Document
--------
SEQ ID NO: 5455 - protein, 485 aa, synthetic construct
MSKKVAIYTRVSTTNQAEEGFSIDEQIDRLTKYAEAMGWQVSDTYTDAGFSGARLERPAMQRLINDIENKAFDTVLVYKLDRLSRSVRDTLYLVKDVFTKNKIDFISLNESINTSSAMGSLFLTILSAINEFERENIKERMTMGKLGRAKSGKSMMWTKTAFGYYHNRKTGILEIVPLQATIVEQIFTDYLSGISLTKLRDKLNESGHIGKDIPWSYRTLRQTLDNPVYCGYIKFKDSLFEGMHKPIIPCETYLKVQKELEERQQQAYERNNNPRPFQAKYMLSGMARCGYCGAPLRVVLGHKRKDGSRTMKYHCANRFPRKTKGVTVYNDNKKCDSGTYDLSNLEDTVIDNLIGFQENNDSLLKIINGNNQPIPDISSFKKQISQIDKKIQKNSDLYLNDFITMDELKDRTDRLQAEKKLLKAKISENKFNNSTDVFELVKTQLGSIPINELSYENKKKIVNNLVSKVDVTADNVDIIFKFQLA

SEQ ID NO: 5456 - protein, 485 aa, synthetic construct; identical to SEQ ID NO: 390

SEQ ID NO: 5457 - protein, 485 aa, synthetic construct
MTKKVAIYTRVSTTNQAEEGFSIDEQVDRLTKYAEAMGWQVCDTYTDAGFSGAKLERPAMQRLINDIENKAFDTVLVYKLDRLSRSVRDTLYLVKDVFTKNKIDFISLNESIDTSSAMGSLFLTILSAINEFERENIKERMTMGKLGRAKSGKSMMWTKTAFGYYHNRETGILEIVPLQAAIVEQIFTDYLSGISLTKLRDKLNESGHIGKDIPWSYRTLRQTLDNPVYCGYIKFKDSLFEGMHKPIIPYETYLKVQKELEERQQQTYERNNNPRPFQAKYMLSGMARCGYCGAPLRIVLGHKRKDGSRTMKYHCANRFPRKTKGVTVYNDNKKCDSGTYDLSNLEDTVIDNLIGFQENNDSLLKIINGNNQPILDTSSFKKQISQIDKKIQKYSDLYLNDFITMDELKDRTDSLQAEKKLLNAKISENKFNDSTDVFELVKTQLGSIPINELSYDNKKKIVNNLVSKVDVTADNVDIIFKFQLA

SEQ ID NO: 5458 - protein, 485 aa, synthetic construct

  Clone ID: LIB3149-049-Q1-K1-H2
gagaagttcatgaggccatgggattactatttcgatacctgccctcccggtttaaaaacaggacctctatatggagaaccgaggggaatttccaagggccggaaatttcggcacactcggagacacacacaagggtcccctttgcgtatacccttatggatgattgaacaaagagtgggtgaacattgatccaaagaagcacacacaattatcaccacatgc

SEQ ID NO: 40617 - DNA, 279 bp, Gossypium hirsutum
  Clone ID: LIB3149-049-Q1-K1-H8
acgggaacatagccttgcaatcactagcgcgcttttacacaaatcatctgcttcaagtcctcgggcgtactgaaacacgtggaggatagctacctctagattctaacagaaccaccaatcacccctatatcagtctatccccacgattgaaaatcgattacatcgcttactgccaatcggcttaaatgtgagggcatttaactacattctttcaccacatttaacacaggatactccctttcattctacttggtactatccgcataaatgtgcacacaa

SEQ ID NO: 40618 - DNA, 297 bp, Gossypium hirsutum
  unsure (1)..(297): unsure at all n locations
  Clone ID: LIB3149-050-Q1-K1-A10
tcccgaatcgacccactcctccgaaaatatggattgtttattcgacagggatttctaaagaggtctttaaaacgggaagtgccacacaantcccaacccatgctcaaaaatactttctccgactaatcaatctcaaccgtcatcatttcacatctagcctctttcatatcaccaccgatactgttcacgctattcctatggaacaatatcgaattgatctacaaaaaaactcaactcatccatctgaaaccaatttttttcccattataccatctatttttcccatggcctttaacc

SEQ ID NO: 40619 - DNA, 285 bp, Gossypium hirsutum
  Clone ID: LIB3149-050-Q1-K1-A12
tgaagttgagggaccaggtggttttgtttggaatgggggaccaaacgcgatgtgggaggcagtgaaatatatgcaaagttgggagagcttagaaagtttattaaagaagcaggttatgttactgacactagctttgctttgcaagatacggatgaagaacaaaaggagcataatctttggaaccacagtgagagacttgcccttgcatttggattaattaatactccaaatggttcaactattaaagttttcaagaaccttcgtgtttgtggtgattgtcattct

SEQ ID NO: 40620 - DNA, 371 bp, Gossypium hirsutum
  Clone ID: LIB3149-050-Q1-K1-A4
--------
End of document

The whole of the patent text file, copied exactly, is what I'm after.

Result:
SEQ ID NO: 5455 - protein, 485 aa, synthetic construct
MSKKVAIYTRVSTTNQAEEGFSIDEQIDRLTKYAEAMGWQVSDTYTDAGFSGARLERPAMQRLINDIENKAFDTVLVYKLDRLSRSVRDTLYLVKDVFTKNKIDFISLNESINTSSAMGSLFLTILSAINEFERENIKERMTMGKLGRAKSGKSMMWTKTAFGYYHNRKTGILEIVPLQATIVEQIFTDYLSGISLTKLRDKLNESGHIGKDIPWSYRTLRQTLDNPVYCGYIKFKDSLFEGMHKPIIPCETYLKVQKELEERQQQAYERNNNPRPFQAKYMLSGMARCGYCGAPLRVVLGHKRKDGSRTMKYHCANRFPRKTKGVTVYNDNKKCDSGTYDLSNLEDTVIDNLIGFQENNDSLLKIINGNNQPIPDISSFKKQISQIDKKIQKNSDLYLNDFITMDELKDRTDRLQAEKKLLKAKISENKFNNSTDVFELVKTQLGSIPINELSYENKKKIVNNLVSKVDVTADNVDIIFKFQLA

SEQ ID NO: 5456 - protein, 485 aa, synthetic construct; identical to SEQ ID NO: 390

SEQ ID NO: 5457 - protein, 485 aa, synthetic construct
MTKKVAIYTRVSTTNQAEEGFSIDEQVDRLTKYAEAMGWQVCDTYTDAGFSGAKLERPAMQRLINDIENKAFDTVLVYKLDRLSRSVRDTLYLVKDVFTKNKIDFISLNESIDTSSAMGSLFLTILSAINEFERENIKERMTMGKLGRAKSGKSMMWTKTAFGYYHNRETGILEIVPLQAAIVEQIFTDYLSGISLTKLRDKLNESGHIGKDIPWSYRTLRQTLDNPVYCGYIKFKDSLFEGMHKPIIPYETYLKVQKELEERQQQTYERNNNPRPFQAKYMLSGMARCGYCGAPLRIVLGHKRKDGSRTMKYHCANRFPRKTKGVTVYNDNKKCDSGTYDLSNLEDTVIDNLIGFQENNDSLLKIINGNNQPILDTSSFKKQISQIDKKIQKYSDLYLNDFITMDELKDRTDSLQAEKKLLNAKISENKFNDSTDVFELVKTQLGSIPINELSYDNKKKIVNNLVSKVDVTADNVDIIFKFQLA

SEQ ID NO: 5458 - protein, 485 aa, synthetic construct

  Clone ID: LIB3149-049-Q1-K1-H2
gagaagttcatgaggccatgggattactatttcgatacctgccctcccggtttaaaaacaggacctctatatggagaaccgaggggaatttccaagggccggaaatttcggcacactcggagacacacacaagggtcccctttgcgtatacccttatggatgattgaacaaagagtgggtgaacattgatccaaagaagcacacacaattatcaccacatgc

SEQ ID NO: 40617 - DNA, 279 bp, Gossypium hirsutum
  Clone ID: LIB3149-049-Q1-K1-H8
acgggaacatagccttgcaatcactagcgcgcttttacacaaatcatctgcttcaagtcctcgggcgtactgaaacacgtggaggatagctacctctagattctaacagaaccaccaatcacccctatatcagtctatccccacgattgaaaatcgattacatcgcttactgccaatcggcttaaatgtgagggcatttaactacattctttcaccacatttaacacaggatactccctttcattctacttggtactatccgcataaatgtgcacacaa

SEQ ID NO: 40618 - DNA, 297 bp, Gossypium hirsutum
  unsure (1)..(297): unsure at all n locations
  Clone ID: LIB3149-050-Q1-K1-A10
tcccgaatcgacccactcctccgaaaatatggattgtttattcgacagggatttctaaagaggtctttaaaacgggaagtgccacacaantcccaacccatgctcaaaaatactttctccgactaatcaatctcaaccgtcatcatttcacatctagcctctttcatatcaccaccgatactgttcacgctattcctatggaacaatatcgaattgatctacaaaaaaactcaactcatccatctgaaaccaatttttttcccattataccatctatttttcccatggcctttaacc

SEQ ID NO: 40619 - DNA, 285 bp, Gossypium hirsutum
  Clone ID: LIB3149-050-Q1-K1-A12
tgaagttgagggaccaggtggttttgtttggaatgggggaccaaacgcgatgtgggaggcagtgaaatatatgcaaagttgggagagcttagaaagtttattaaagaagcaggttatgttactgacactagctttgctttgcaagatacggatgaagaacaaaaggagcataatctttggaaccacagtgagagacttgcccttgcatttggattaattaatactccaaatggttcaactattaaagttttcaagaaccttcgtgtttgtggtgattgtcattct

SEQ ID NO: 40620 - DNA, 371 bp, Gossypium hirsutum
  Clone ID: LIB3149-050-Q1-K1-A4